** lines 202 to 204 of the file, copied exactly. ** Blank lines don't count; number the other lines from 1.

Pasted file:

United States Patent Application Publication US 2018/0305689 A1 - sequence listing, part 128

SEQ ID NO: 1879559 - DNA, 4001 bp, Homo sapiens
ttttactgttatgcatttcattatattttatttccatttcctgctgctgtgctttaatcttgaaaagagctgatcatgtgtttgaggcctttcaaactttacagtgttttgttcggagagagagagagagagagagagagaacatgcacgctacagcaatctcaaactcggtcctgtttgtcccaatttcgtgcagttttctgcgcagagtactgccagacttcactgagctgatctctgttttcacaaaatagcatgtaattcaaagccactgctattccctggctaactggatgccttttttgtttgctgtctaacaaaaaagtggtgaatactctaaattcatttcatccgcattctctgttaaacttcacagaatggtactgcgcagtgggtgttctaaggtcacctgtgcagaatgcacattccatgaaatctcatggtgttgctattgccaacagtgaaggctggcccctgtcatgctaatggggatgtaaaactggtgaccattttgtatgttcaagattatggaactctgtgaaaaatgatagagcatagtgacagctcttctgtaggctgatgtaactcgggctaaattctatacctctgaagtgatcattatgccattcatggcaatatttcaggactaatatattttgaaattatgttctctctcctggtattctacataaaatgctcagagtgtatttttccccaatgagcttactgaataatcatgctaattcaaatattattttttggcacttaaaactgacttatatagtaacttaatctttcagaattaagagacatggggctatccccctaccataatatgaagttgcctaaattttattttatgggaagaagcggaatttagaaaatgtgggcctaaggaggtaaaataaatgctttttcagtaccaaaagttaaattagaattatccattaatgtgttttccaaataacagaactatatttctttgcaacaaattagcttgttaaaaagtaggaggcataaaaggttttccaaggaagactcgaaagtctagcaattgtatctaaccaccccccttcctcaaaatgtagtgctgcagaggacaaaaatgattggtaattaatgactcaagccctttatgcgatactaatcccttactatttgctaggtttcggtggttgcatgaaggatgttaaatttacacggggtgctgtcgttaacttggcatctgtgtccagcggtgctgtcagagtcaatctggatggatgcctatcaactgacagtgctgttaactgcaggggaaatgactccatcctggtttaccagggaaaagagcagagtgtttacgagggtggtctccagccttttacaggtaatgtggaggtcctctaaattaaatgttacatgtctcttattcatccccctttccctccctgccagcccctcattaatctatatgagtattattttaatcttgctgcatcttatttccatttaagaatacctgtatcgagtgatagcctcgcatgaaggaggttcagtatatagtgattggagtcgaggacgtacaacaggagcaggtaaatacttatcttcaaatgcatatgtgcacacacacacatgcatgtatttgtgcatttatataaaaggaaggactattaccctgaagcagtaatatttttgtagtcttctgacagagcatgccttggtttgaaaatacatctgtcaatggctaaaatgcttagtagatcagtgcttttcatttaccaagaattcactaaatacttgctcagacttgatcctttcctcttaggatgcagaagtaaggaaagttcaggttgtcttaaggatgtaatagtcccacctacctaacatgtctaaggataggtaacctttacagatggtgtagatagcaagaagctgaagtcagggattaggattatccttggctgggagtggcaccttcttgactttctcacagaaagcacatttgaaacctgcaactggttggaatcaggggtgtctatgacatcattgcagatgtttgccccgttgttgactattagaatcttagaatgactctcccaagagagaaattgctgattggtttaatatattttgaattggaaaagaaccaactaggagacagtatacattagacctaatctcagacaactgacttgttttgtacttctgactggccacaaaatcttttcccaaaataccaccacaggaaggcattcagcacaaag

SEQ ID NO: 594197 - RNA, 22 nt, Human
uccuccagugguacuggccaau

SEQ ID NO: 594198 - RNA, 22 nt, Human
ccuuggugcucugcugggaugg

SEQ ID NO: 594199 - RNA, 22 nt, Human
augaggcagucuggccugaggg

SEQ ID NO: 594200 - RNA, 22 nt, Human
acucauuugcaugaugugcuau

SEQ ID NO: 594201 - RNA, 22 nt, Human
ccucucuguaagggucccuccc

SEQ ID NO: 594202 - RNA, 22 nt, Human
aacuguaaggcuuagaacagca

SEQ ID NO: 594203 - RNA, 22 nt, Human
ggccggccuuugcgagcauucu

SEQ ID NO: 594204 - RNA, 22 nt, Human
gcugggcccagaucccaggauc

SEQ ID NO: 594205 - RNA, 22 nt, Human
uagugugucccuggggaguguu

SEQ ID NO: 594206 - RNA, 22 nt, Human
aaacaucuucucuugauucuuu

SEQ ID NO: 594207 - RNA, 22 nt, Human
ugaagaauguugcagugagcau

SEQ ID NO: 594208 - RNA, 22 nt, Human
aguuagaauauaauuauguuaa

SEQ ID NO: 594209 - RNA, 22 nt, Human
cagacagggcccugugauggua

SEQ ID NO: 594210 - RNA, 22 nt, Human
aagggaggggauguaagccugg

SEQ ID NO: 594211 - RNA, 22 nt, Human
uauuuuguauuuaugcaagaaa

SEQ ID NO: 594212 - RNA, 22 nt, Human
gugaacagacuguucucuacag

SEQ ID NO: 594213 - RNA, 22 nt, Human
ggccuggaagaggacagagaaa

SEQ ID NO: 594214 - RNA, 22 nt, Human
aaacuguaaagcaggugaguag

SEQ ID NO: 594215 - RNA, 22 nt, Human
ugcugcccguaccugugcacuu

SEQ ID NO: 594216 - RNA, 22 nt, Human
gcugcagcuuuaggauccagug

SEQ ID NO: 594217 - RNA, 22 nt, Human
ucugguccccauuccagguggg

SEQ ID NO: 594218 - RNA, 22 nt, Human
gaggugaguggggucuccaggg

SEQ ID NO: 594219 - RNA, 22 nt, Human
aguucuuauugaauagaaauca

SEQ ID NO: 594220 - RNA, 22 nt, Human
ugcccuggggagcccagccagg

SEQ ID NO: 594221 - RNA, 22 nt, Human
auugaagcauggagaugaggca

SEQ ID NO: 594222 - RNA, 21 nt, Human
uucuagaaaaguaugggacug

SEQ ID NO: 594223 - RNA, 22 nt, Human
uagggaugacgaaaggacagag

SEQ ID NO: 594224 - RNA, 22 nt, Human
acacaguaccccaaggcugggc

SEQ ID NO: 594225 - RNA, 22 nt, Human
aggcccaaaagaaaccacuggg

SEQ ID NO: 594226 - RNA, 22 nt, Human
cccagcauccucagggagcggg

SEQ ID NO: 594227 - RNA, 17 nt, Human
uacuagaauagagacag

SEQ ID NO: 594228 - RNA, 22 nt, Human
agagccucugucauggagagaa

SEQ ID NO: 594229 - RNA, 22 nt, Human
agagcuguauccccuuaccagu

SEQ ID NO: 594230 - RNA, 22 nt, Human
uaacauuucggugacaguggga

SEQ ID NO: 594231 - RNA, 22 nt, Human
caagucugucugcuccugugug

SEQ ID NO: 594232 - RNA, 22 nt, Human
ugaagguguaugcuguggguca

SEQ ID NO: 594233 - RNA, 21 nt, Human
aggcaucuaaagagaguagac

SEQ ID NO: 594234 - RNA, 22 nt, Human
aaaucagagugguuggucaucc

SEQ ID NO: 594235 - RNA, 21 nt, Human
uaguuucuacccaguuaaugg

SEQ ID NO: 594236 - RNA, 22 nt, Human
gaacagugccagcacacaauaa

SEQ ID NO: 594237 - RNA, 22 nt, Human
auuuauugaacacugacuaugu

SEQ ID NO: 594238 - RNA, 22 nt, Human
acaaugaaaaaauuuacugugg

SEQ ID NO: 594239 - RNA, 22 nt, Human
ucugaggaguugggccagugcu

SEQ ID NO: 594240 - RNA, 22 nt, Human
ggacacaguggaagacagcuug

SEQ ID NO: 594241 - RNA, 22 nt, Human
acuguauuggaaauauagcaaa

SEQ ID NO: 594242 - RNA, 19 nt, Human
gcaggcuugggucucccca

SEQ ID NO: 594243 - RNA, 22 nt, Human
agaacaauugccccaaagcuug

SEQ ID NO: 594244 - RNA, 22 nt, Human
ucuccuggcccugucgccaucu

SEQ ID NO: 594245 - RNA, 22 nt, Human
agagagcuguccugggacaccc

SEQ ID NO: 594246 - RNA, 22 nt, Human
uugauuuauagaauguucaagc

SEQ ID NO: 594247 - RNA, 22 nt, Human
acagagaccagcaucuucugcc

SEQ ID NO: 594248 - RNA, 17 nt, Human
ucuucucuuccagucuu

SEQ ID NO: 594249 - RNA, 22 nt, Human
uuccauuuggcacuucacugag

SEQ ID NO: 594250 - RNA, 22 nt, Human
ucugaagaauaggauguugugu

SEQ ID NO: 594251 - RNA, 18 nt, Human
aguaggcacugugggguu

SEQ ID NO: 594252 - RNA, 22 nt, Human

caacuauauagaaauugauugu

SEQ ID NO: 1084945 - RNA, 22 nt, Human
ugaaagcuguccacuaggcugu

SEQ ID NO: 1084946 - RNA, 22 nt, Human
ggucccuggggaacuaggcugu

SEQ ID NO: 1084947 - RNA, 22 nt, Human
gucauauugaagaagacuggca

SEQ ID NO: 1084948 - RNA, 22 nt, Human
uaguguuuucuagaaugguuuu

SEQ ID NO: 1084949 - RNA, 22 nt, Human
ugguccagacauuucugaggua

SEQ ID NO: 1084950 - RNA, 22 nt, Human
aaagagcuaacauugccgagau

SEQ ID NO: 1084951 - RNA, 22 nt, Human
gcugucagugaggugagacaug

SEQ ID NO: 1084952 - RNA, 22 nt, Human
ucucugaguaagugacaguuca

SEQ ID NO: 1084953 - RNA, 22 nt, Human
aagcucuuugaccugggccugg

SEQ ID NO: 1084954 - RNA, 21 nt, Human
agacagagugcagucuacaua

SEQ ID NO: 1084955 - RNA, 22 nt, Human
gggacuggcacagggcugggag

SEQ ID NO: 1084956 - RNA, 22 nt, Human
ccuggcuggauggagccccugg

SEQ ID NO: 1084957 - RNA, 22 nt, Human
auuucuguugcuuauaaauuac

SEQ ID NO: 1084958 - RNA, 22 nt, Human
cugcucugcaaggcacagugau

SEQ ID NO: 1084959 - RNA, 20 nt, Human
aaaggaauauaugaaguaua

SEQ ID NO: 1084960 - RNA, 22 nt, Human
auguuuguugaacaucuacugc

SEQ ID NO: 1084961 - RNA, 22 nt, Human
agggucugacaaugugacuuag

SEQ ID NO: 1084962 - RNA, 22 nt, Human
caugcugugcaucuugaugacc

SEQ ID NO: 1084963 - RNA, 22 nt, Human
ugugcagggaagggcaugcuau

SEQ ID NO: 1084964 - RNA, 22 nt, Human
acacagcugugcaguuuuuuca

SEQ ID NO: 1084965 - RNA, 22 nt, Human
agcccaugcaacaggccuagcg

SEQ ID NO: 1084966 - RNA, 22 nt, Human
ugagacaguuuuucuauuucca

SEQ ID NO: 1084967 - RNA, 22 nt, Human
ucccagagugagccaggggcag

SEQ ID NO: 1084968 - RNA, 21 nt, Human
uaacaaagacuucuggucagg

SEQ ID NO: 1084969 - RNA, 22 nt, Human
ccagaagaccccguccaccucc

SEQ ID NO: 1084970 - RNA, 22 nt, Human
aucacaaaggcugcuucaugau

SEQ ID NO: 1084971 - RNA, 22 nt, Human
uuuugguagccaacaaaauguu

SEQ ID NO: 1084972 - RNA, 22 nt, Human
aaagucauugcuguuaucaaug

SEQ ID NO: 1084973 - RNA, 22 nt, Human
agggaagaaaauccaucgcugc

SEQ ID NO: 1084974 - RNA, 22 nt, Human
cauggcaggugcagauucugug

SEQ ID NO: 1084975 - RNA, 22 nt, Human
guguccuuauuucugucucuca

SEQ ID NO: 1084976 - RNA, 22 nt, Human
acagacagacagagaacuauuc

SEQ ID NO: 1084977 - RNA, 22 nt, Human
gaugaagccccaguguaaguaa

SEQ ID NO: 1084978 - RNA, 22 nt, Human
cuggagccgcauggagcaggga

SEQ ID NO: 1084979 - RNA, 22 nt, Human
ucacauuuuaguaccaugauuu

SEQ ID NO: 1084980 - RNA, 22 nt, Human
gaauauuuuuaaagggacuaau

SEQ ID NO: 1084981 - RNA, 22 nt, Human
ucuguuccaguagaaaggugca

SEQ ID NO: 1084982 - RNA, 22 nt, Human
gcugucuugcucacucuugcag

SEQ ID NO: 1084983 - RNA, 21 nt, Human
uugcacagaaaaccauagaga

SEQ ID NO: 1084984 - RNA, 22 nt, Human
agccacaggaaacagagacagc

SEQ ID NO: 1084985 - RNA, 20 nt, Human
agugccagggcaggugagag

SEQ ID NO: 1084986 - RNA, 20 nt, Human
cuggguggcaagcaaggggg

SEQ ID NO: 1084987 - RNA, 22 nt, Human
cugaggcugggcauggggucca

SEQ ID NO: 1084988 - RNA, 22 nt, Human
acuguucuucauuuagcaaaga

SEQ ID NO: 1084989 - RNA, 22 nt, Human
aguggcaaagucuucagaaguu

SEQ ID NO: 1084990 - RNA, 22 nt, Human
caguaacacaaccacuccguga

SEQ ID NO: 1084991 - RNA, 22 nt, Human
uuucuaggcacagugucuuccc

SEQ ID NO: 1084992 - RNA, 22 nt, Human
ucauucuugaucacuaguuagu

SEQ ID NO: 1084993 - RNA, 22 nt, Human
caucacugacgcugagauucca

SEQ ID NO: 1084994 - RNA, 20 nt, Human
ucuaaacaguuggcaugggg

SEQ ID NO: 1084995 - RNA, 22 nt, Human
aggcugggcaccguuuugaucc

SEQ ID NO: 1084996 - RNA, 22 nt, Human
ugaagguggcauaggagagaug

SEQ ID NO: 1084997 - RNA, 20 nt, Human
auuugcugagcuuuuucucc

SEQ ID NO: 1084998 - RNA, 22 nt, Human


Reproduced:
SEQ ID NO: 1084988 - RNA, 22 nt, Human
acuguucuucauuuagcaaaga

SEQ ID NO: 1084989 - RNA, 22 nt, Human